Tra­di­tional own­ers to man­age sta­tion

Pilbara News - - News - Tom Zaun­mayr

■ Ngar­luma Abo­rig­i­nal Cor­po­ra­tion has ex­panded its pas­toral foot­print in its peo­ple’s tra­di­tional lands by tak­ing on the man­age­ment of Kar­ratha Sta­tion.

The deal is a first for miner Rio Tinto whereby an Abo­rig­i­nal tra­di­tional owner group has as­sumed full day-to-day con­trol of one of its six pas­toral op­er­a­tions in the Pil­bara.

For the Ngar­luma peo­ple, the sub­lease rep­re­sents not just a busi­ness op­por­tu­nity, but a chance to pre­serve the cul­ture and rich con­nec­tion to their land upon which Kar­ratha and Mount Wel­come Sta­tion sit.

Ngar­luma elders Pansy Hicks and Vi­o­let Sam­son are two of many in­dige­nous peo­ple in the Pil­bara who have fond mem­o­ries of Kar­ratha Sta­tion.

“We use to come here all the time when we walked the sheep from Kar­ratha back to Cher­ratta,” Mrs Hicks said.

“One time we went down the river and my spirit got caught.

“Lucky the witch doc­tor worked here on the sta­tion and he let the spirit out and put it back in me.

“It was all good here though; we come back here and go swim­ming in the river.” Mrs Hicks said life on the sta­tion played a big part in the for­ma­tion of the friend­ship be­tween Vi­o­let and her­self.

NAC ex­ec­u­tive of­fi­cer Belinda Churn­side said the pas­toral industry in the Pil­bara would be nowhere near as suc­cess­ful as it was to­day with­out in­dige­nous peo­ple.

“As well as be­ing the tra­di­tional own­ers, Abo­rig­i­nal peo­ple were the back­bone of the pas­toral industry from when it started,” she said.

"Their knowl­edge of where the wa­ter was, the best graz­ing and deep un­der­stand­ing of the land set th­ese cur­rent pas­toral sta­tions up for suc­cess. “We are so ex­cited about the op­por­tu­nity this sub­lease is go­ing to of­fer ev­ery­one in both run­ning the pas­toral sta­tion … as well as time spent on our tra­di­tional lands.”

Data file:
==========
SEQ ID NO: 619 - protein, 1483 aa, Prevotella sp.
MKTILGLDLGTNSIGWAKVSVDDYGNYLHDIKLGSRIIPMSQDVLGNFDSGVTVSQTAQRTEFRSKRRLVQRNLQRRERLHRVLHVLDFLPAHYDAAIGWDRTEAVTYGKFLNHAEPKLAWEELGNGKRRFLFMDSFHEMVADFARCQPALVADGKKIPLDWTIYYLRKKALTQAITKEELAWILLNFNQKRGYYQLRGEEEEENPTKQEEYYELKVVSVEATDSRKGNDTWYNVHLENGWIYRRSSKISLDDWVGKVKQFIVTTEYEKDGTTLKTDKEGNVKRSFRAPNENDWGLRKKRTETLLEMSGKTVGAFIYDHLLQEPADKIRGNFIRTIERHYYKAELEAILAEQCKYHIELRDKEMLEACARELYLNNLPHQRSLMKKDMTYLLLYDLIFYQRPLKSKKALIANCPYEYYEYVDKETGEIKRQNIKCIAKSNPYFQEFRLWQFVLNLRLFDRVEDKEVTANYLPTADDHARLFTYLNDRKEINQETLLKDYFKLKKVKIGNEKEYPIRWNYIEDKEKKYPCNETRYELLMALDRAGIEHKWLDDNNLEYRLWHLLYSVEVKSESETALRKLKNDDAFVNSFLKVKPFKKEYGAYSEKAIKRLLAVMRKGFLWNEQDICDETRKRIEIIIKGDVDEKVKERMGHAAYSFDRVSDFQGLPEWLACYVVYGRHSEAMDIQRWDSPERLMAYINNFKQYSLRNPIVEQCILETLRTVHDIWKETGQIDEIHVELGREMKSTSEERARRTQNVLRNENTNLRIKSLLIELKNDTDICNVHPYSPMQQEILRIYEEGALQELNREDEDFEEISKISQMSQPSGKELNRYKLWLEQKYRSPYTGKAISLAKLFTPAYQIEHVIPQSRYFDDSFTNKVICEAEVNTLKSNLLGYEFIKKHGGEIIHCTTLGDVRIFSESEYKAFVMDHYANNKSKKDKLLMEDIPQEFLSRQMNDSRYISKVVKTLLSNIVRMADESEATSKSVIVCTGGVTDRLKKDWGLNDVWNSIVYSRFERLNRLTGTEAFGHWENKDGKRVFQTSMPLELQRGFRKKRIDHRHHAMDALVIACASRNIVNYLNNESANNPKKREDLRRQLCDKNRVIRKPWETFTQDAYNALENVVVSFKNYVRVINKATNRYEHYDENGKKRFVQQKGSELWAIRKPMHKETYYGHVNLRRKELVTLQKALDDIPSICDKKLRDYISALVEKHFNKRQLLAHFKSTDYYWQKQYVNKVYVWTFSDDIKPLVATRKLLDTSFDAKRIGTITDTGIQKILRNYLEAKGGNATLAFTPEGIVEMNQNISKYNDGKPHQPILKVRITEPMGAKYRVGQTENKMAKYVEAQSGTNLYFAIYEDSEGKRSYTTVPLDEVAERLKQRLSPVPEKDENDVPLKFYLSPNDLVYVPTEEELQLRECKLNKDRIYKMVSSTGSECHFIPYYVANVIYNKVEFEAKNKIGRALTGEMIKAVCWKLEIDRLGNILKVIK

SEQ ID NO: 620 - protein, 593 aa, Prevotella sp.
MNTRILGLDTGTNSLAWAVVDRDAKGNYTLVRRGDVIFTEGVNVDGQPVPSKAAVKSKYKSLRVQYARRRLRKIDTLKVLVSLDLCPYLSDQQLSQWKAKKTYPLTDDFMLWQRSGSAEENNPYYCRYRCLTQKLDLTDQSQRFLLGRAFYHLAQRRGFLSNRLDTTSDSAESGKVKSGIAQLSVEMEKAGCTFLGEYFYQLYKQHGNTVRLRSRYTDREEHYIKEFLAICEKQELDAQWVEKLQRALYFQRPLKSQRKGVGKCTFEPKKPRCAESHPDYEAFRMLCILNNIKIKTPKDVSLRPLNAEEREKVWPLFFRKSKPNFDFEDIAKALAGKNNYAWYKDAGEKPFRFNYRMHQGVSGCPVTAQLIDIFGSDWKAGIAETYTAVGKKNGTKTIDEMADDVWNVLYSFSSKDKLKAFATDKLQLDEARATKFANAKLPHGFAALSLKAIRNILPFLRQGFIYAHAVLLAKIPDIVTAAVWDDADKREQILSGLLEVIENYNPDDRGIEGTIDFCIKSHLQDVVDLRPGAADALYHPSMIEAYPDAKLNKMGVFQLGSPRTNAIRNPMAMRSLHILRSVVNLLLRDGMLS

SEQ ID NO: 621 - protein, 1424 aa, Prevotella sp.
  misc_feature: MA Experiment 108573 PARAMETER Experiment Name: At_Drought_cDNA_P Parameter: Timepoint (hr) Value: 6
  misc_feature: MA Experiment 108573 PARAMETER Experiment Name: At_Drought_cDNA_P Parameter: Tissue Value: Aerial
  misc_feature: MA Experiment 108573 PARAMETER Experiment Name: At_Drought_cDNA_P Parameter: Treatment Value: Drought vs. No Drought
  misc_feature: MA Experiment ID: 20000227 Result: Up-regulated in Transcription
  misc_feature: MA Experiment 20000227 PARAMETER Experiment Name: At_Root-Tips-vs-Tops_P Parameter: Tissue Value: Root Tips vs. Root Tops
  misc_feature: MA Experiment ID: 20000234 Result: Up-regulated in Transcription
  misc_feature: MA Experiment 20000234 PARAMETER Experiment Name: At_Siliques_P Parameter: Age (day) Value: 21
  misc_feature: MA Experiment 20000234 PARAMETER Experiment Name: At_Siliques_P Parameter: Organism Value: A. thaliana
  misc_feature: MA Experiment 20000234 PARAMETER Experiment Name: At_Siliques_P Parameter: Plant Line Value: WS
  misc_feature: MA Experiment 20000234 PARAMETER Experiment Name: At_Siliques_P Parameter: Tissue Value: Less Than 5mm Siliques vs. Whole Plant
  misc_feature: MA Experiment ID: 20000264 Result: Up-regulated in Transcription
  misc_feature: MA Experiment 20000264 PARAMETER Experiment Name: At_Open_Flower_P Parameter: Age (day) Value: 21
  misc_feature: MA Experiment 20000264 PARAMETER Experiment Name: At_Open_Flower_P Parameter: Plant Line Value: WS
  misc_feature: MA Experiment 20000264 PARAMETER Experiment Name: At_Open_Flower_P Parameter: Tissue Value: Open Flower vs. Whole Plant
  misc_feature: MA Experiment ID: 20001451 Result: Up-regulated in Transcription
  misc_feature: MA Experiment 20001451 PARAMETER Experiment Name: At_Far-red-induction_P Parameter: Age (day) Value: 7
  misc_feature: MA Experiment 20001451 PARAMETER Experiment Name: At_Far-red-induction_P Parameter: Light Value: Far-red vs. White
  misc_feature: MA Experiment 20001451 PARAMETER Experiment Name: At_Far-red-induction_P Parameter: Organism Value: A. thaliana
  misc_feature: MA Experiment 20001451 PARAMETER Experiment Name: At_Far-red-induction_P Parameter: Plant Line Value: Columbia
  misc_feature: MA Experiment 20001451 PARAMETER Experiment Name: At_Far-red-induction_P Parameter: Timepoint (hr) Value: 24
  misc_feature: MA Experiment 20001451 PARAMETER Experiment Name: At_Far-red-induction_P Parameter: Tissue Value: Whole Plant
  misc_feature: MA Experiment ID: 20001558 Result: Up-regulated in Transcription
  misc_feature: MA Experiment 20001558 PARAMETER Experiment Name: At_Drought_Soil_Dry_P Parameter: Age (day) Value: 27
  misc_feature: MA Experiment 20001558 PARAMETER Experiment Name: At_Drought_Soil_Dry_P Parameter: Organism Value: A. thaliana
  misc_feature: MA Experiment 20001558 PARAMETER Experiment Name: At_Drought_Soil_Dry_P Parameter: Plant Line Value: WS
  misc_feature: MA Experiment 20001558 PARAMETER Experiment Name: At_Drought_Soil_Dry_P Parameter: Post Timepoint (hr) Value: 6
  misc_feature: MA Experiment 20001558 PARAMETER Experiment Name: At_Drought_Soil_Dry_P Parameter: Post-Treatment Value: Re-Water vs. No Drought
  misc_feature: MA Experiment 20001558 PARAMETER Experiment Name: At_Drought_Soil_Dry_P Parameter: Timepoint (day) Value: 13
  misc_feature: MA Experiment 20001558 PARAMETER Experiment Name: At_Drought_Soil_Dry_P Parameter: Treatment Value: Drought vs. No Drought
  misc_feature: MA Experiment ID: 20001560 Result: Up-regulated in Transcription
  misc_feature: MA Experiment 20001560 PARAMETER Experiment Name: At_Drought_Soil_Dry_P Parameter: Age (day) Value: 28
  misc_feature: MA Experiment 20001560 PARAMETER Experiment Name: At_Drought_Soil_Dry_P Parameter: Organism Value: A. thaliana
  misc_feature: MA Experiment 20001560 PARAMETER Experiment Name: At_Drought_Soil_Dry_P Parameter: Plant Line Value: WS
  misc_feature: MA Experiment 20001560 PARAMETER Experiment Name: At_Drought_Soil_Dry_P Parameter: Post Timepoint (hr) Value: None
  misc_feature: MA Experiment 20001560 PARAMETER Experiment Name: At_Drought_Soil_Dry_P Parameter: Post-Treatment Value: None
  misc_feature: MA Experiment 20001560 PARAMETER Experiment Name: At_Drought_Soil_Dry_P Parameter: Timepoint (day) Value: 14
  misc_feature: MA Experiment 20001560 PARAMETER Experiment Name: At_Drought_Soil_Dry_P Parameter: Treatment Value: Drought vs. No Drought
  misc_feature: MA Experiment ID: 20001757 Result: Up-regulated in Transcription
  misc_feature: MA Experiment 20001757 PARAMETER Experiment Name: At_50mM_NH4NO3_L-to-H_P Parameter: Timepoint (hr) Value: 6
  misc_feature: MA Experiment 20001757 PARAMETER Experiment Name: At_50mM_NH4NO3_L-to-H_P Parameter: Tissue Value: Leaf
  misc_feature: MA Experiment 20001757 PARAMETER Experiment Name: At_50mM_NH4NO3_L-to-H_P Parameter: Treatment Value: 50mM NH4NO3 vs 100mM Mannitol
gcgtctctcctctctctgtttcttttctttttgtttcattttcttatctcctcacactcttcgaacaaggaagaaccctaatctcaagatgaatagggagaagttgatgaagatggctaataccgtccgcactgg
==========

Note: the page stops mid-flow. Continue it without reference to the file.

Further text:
From a busi­ness per­spec­tive, the sub­lease gives NAC a fur­ther 77,155ha on top of its ad­ja­cent 200,000ha Mount Wel­come lease.

Mount Wel­come board di­rec­tor Ricky Smith said the sta­tion had been kept in good con­di­tion by Rio Tinto, which would make for an eas­ier tran­si­tion.

“Rio Tinto and the (He­seltines) left it with good pad­docks, wind­mills al­ready set up and cat­tle on it,” he said.

“All we need is some young peo­ple to come out and work on it now.”

Dave Ruther­ford, who has been man­ag­ing Mount Wel­come Sta­tion with his team of two, will as­sume re­spon­si­bil­i­ties for the day-to-day op­er­a­tion of Kar­ratha Sta­tion as well.

“We will have to look at ex­tra staff down the line if we need it,” he said.

“Sheep stock­ing is cer­tainly go­ing to hap­pen on Mount Wel­come and we will see what hap­pens with Kar­ratha along the way.”

Dis­cus­sions for the sub­lease of Rio Tinto’s Yar­raloola Sta­tion are on­go­ing.

Pic­tures: Tom Zaun­mayr

Ngar­luma Abo­rig­i­nal Cor­po­ra­tion sta­tion man­ager Dave Ruther­ford and NAC ex­ec­u­tive of­fi­cer Belinda Churn­side with Rio Tinto iron ore chief ex­ec­u­tive An­drew Hard­ing, cen­tre.

Ngar­luma elders Pansy Hicks and Vi­o­let Sam­son have fond mem­o­ries of grow­ing up on Cher­ratta, Mount Wel­come and Kar­ratha sta­tions.

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